“This Saxon math is TOO HARD.”
“I’ll NEVER be able to do this!”
Does this sound familiar? I am almost certain it does. For many parents and teachers, it’s a common refrain from our students. Outbursts of frustration over new and challenging situations are common among our kids (and, let’s be honest, probably in our own adult heads sometimes too).
And yet, from the outside, we see how discouraging it is for a child to have those negative feelings about their ability! You and I both know that they have the potential to do a lot of things. Yet at a young age, they are often convinced otherwise.
That’s why I started the 30-5 and the All-Right Clubs. They’re my little way of increasing your child’s confidence AND ability in Saxon math. They reward for multiple levels: consistency, effort, natural ability, and perseverance all get a payoff here.
Here’s some straight talk: I know it may be hard to come up with the energy right now to encourage your kids to do hard things. But they need a challenge. Perhaps now, more than ever. Lots of their traditional challenging situations may have been put on pause because of all that is going on in the world right now. Working to get into one of these clubs, though, is accessible for just about everyone and will provide many of the benefits they may have gotten elsewhere were it a different year.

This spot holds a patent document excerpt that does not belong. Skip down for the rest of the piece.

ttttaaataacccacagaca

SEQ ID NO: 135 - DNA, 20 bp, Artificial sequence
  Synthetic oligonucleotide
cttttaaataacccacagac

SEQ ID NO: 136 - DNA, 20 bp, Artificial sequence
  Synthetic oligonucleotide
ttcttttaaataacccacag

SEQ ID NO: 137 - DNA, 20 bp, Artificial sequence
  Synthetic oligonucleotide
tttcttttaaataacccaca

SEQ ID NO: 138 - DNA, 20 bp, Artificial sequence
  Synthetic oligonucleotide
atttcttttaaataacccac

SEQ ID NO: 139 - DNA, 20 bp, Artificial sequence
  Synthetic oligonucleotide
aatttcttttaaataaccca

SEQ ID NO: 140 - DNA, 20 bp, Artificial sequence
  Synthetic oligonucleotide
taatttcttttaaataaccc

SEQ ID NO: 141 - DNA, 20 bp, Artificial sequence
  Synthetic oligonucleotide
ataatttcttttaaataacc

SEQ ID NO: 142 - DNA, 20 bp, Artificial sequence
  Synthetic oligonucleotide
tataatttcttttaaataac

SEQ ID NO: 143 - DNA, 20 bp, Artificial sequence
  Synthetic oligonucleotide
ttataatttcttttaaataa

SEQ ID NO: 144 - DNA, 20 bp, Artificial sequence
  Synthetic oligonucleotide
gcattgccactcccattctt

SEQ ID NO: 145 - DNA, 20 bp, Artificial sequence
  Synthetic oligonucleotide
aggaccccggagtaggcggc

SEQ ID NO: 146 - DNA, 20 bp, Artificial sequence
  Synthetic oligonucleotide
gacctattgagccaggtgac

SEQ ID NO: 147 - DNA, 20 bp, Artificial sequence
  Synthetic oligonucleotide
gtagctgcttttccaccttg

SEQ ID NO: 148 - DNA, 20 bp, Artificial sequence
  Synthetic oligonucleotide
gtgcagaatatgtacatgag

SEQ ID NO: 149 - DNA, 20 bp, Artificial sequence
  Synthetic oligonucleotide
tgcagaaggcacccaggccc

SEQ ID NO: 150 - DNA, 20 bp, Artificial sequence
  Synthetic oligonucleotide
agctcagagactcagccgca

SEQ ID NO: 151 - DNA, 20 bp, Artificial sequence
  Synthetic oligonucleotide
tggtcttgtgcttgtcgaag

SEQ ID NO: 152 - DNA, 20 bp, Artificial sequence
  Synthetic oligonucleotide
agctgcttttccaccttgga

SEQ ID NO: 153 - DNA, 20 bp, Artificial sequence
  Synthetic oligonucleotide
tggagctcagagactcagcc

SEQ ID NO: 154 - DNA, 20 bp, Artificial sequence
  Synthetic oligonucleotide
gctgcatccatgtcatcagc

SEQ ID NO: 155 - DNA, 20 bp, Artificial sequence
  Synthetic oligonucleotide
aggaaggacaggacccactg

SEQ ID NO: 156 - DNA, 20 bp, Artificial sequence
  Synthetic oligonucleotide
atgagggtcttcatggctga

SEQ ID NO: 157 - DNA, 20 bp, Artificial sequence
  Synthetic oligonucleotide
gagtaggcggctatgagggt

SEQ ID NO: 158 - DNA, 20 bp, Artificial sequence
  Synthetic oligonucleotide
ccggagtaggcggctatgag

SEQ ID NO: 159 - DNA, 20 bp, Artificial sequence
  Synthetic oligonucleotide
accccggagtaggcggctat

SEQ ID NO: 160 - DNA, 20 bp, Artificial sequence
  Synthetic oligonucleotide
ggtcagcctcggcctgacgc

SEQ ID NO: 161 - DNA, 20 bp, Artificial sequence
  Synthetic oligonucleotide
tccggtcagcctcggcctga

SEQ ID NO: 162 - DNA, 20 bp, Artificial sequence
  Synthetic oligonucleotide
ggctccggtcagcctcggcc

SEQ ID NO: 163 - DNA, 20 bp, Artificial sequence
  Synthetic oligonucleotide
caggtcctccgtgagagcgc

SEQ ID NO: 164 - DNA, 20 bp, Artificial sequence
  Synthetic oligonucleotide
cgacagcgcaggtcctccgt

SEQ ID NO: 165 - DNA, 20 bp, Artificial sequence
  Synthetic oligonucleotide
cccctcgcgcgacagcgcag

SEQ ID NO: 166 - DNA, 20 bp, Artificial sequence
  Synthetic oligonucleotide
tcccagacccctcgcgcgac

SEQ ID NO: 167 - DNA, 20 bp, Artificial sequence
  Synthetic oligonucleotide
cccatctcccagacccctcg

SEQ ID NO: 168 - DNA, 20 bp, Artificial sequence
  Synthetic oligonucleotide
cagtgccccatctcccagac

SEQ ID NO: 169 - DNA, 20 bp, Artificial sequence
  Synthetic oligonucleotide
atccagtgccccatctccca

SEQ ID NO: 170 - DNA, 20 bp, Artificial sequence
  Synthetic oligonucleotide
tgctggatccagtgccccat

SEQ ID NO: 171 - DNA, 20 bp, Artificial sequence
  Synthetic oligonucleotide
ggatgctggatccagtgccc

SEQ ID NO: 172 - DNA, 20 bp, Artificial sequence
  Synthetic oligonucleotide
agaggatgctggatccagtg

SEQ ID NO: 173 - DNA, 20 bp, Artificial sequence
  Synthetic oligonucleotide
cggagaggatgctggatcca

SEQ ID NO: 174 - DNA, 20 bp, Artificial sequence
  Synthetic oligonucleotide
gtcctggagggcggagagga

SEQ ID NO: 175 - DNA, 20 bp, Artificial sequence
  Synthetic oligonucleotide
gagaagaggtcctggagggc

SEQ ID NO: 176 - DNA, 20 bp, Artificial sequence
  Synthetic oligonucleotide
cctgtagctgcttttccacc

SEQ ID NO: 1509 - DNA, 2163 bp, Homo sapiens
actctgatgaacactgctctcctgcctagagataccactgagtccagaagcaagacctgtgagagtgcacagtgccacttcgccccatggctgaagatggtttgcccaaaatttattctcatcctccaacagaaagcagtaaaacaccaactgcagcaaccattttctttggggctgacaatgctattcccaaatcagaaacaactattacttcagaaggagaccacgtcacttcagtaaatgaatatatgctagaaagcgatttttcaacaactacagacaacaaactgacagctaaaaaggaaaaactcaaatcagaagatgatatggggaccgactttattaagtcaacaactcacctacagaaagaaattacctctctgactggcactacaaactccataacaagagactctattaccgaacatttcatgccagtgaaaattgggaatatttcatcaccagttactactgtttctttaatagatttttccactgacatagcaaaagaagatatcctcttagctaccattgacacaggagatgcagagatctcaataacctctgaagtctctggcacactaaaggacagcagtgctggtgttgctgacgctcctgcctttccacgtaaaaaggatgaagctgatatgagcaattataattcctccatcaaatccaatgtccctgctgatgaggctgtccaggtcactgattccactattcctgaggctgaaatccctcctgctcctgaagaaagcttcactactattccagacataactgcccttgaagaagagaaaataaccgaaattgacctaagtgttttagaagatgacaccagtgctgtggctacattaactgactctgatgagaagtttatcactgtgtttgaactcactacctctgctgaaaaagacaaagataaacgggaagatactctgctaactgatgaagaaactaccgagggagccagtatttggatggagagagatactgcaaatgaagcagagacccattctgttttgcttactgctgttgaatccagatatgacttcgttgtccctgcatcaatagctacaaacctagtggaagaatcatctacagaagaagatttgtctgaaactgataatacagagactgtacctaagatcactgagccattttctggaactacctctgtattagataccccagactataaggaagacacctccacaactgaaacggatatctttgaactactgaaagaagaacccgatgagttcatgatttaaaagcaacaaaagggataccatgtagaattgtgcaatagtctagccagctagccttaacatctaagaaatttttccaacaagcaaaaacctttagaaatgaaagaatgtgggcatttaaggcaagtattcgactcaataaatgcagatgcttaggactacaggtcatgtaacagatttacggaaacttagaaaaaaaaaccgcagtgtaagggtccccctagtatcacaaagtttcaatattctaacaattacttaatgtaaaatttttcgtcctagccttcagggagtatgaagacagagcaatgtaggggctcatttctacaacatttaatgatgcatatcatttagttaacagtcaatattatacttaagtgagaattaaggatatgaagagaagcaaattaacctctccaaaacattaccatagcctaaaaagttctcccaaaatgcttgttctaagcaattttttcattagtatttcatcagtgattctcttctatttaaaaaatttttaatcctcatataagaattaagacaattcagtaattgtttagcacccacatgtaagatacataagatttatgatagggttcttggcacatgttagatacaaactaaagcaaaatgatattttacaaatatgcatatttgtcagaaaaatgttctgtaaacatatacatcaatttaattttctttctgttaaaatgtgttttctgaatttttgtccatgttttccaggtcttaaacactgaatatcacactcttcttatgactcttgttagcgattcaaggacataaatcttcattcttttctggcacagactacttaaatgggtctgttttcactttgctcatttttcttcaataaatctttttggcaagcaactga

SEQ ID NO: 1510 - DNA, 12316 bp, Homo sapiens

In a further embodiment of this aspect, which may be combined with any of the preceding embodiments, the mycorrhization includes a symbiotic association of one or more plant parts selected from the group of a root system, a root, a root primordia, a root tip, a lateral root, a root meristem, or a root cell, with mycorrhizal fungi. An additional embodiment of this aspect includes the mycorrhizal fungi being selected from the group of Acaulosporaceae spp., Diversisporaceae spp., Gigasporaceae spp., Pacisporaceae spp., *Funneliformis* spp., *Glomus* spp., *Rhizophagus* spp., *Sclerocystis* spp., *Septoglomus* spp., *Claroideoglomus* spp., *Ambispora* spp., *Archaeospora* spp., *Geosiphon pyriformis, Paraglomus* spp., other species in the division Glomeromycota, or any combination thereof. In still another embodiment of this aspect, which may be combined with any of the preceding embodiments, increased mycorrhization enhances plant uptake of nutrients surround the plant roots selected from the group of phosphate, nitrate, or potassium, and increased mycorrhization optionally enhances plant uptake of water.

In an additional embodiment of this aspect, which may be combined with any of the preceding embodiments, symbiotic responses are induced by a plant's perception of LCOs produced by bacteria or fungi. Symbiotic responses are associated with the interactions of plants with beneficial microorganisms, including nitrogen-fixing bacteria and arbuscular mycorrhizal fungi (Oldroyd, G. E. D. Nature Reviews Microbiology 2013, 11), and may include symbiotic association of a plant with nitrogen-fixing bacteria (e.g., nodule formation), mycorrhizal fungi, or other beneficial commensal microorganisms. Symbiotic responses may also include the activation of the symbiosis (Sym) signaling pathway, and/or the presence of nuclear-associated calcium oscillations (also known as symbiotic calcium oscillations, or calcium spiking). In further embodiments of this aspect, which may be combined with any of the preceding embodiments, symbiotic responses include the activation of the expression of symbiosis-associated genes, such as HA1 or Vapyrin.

Challenges matter to kids! Every time a child does something new, they are acquiring skills that matter. They make new decisions: Which route to take? What strategy will work? Is the risk worth the payout? When she climbs higher in the tree, she has to decide how best to get up there. When he tries a new skill in baseball, he has to work his brain differently. When she competes on a different level, she has to decide how best to push herself harder. New decisions, new skills equal growth.
Or, put another way, by someone who really knows this stuff:
“…In a fixed mindset, kids are afraid to learn something new. They would rather do the same thing over and over and keep being successful, keep looking smart; or at least not dumb. What we know now, by pushing yourself, you are constantly growing in ways you never anticipated and you fulfill your potential. The most successful people were and are the people who push out of their comfort zone, growing their skills.” Carol Dweck, Ph.D.
Little bits of growth add up. You don’t see your child physically growing, but each night that produces a micro-bit of height that becomes inches and then feet, over time. Likewise, each challenge that your child faces means a little bit of difference that will add up over time. Saxon math itself offers that kind of small growth over time. But intentionally deciding to take on the 30-5 Club or the All-Right Club challenge means your child takes ownership and control over it. And isn’t that what we want for them, ultimately?
I hope your kids are up for this challenge this month! I’d love to make my LONGEST Wall of Fame videos ever! You can find the info on how to submit your child for 30-5 Club Membership here, and All-Right Club Membership here. Here’s to a getting out of the comfort zone and into new skills and better math understanding!
Talk to you soon!
Nicole the Math Lady